Media Training Basics: animation
Animation is perhaps the easiest attribute to acquire. The people who are naturally good on television are those that are larger than life and often rather hard work at dinner. This is not always true but people who seem quite normal on TV are often really big characters. An occasional interviewee doesn’t need to cultivate a whole new persona but just use a little more energy when speaking. Hand movement and head movement can be good so long as they not so noticeable that they are distracting.
Media Training Basics: authority
Authority is more intangible. We know it when we see it but trying to cultivate it can be challenging. There are, though, some basics.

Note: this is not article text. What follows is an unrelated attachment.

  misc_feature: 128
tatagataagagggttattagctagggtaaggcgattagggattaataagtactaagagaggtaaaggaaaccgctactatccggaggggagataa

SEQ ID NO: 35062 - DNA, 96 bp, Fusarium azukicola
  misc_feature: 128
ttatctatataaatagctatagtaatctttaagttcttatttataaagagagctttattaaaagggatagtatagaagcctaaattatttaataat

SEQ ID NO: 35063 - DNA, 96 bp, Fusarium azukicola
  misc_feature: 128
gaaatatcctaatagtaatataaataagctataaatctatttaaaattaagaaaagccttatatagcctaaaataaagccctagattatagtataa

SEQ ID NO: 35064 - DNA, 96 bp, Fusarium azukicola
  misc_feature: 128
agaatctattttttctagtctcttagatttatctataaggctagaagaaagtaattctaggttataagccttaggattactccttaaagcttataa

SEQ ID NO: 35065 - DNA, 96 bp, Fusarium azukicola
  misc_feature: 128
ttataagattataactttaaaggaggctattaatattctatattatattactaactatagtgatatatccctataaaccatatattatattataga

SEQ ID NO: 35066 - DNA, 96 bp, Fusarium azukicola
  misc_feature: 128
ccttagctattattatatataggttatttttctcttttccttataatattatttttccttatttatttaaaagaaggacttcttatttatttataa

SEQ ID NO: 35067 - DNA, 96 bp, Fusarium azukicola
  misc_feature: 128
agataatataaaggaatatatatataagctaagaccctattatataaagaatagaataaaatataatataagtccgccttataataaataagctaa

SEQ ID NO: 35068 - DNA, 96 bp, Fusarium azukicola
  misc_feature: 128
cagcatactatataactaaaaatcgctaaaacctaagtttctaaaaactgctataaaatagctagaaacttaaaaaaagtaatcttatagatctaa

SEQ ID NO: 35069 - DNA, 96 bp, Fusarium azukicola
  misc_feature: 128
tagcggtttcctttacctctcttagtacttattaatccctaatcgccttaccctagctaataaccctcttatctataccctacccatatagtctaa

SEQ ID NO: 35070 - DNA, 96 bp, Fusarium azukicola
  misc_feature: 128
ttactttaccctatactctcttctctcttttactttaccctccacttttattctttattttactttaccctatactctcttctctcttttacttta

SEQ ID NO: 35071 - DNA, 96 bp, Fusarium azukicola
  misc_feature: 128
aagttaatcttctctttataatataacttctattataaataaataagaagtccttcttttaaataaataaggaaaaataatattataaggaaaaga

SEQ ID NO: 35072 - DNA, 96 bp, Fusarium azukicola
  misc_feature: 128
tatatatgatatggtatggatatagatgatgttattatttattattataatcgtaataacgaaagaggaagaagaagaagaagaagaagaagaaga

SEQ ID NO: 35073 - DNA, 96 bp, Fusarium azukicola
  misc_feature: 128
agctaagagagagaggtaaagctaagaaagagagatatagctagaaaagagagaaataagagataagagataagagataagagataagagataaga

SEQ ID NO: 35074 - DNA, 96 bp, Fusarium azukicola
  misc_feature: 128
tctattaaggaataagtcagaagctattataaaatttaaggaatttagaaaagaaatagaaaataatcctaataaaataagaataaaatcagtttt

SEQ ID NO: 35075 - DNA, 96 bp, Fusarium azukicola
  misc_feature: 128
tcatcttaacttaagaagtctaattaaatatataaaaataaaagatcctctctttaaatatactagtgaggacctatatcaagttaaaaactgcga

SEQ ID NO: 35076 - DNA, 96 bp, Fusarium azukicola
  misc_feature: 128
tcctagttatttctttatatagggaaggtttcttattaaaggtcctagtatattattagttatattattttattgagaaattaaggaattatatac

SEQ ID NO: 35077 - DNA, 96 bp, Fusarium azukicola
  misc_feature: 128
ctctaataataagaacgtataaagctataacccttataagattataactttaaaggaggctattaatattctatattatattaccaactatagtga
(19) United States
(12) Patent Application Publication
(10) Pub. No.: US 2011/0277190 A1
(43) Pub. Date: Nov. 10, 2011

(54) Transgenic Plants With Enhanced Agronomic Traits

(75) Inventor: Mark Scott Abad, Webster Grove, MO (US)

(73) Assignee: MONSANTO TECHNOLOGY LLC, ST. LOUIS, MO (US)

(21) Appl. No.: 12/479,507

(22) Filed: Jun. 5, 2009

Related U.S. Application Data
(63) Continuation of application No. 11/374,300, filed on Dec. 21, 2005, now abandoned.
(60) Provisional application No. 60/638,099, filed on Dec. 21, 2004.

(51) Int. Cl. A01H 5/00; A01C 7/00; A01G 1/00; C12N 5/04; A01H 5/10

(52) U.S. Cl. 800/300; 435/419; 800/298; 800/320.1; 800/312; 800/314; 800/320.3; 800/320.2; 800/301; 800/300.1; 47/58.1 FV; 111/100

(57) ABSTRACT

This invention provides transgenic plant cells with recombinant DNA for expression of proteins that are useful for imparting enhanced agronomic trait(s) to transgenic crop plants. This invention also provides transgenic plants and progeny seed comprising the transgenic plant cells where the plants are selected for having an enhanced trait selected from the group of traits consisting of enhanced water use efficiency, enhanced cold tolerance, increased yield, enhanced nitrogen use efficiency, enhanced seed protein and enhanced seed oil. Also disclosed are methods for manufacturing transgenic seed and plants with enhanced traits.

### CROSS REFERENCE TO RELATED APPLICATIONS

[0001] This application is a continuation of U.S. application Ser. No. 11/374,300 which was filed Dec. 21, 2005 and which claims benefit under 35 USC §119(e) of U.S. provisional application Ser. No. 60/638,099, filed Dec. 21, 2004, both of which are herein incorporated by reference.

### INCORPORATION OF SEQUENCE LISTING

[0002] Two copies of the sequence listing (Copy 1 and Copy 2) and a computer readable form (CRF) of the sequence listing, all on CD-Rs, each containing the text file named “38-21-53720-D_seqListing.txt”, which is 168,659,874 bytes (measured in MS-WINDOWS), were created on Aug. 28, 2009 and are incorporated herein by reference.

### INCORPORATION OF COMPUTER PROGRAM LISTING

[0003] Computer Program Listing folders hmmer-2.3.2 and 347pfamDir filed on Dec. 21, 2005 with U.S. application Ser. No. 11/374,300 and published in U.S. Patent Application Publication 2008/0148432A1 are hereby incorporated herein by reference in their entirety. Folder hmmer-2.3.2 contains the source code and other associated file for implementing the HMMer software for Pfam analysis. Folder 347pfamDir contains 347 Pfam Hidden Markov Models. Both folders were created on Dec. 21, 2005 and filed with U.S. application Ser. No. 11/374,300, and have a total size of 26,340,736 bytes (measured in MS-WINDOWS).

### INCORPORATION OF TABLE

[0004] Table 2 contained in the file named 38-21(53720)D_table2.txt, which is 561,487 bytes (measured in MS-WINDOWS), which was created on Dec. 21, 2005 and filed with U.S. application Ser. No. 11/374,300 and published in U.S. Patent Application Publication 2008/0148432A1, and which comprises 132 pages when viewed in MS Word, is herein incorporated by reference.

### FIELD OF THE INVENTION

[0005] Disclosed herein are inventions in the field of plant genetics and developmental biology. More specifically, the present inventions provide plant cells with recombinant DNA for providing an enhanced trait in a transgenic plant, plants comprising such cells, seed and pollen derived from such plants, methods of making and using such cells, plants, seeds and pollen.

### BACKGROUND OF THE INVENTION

- Don’t speak too fast. This is probably the most common way that people undermine their own authority.
- On television make sure you are looking in the right place. This can be straight at the camera or at the interviewer depending on the set-up. But hold a steady gaze and don’t let your eyes flick up, down or sideways if you can help it.
- Don’t use highfalutin language. We mention this every other week so do not need to labour the point here, but jargon and professional language does not make you sound clever; it makes you sound arrogant and out of touch. Be colloquial.
- Consider a personal anecdote. People trust the opinions of those that have relevant personal experience. These need to be planned, rehearsed and above all short but they can really work.